Ok, first off it's generally not recommended to post your essay on an anonymous forum. That being said I think you answered the first part of the prompt well but I think you need to reread part two and see if you are really answering the question.
 

Capt MJ

Ancient Mariner, Salt-Encrusted
10-Year Member
Joined
Sep 27, 2008
Messages
12,345
I don’t normally respond to these, but I’ll pick a nit or two.

The subject of your opening sentence is presumably “interest.” I don’t understand how the verb “strives” works with that subject. Did you mean “derives from?”

Write clearly, succinctly and flawlessly.

Read the mission of USNA. Do your goals and values align with that? Always go back to the prompt and check for alignment there.

Resist the urge to be cute or folksy. In a spoken conversation in a formal interview setting, would you veer off to the “word of advice” thread?

Don’t waste words telling USNA what they already know. This is your chance to present yourself. Read over your statement and look for statements likely to be known by readers at USNA.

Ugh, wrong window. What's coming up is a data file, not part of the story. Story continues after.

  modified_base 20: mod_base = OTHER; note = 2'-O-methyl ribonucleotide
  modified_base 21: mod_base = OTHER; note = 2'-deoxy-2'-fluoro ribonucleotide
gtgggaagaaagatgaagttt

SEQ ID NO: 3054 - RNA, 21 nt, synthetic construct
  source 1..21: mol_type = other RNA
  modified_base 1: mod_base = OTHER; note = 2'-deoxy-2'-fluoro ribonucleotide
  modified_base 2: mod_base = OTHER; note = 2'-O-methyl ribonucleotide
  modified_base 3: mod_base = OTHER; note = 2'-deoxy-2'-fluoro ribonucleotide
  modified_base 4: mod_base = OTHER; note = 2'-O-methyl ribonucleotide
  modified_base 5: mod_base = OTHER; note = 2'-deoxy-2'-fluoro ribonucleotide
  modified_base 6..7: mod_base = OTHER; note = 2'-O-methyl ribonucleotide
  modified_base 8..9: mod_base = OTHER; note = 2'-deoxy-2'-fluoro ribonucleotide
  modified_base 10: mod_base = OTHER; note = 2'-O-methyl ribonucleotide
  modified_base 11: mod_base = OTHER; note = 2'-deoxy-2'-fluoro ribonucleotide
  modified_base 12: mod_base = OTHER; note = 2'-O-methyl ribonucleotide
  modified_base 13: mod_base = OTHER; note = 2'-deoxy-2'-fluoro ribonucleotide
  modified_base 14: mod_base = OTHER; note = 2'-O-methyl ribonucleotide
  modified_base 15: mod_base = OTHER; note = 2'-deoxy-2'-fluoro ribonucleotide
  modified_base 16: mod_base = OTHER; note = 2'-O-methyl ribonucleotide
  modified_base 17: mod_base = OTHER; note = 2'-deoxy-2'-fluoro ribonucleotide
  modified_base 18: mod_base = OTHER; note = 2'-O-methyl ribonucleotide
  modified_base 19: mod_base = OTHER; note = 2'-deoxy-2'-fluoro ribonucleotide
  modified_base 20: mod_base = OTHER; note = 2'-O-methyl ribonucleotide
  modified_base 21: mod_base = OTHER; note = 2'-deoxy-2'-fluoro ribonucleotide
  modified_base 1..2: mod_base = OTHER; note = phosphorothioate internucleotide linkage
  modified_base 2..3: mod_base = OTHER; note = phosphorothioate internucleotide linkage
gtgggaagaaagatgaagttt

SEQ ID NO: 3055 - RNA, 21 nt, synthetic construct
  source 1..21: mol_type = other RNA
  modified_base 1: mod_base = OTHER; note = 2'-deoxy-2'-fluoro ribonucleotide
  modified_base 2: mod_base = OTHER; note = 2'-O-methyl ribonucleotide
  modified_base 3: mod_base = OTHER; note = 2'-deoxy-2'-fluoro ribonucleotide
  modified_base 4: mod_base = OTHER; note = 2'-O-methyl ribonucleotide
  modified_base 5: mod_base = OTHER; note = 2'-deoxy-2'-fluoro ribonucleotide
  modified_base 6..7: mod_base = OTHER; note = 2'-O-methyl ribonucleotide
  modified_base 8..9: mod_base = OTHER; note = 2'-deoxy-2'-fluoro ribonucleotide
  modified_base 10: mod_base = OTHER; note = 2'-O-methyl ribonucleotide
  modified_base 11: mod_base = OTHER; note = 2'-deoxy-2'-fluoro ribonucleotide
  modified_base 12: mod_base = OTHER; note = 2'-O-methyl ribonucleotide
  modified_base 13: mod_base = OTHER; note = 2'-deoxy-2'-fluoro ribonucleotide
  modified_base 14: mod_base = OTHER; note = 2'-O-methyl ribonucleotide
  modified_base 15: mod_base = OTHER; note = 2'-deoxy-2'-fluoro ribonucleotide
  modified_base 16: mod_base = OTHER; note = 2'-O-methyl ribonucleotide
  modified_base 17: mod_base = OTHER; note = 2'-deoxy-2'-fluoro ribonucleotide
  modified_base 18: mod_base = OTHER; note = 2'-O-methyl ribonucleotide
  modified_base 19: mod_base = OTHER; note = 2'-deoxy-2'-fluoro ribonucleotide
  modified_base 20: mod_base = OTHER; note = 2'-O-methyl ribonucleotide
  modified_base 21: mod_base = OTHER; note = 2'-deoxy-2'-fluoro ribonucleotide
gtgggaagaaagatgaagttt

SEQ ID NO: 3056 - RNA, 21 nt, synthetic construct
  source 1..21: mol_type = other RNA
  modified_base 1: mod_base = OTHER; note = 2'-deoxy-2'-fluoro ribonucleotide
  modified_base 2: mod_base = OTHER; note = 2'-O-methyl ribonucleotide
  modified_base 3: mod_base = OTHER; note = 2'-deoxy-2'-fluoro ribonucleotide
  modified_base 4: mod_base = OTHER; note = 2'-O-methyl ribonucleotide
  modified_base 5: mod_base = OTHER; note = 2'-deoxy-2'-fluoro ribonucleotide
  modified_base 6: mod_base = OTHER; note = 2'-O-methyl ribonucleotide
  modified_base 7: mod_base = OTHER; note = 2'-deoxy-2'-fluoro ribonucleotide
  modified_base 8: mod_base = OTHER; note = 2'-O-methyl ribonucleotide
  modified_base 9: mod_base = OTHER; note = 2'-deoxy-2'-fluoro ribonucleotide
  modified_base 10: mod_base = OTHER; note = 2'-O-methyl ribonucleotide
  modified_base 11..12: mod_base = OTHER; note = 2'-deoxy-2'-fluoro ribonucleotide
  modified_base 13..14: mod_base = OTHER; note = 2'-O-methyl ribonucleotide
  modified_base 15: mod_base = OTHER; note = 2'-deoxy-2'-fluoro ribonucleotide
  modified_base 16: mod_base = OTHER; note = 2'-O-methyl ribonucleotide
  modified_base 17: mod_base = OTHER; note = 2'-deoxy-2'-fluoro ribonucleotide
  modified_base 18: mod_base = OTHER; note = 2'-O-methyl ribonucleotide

Avoid hyperbole. When someone your age says they have “always” been interested in X, I envision them as a toddler earnestly doing X. What sparked your interest in STEM? A trip to a planetarium with your mom? Seeing inside a cockpit at the Smithsonian Air and Space Museum? A teacher who wowed you with interesting classes? Tell me something unique about you and how STEM first tickled your brain.

You come across as sincere and straightforward in tone, a good thing.

“...spent by my troop and I...” Test this by deleting the “my troop,” and saying “by I.” Should be “me.” Even better, ditch passive construction and go active: “My troop and I spent many hours volunteering...”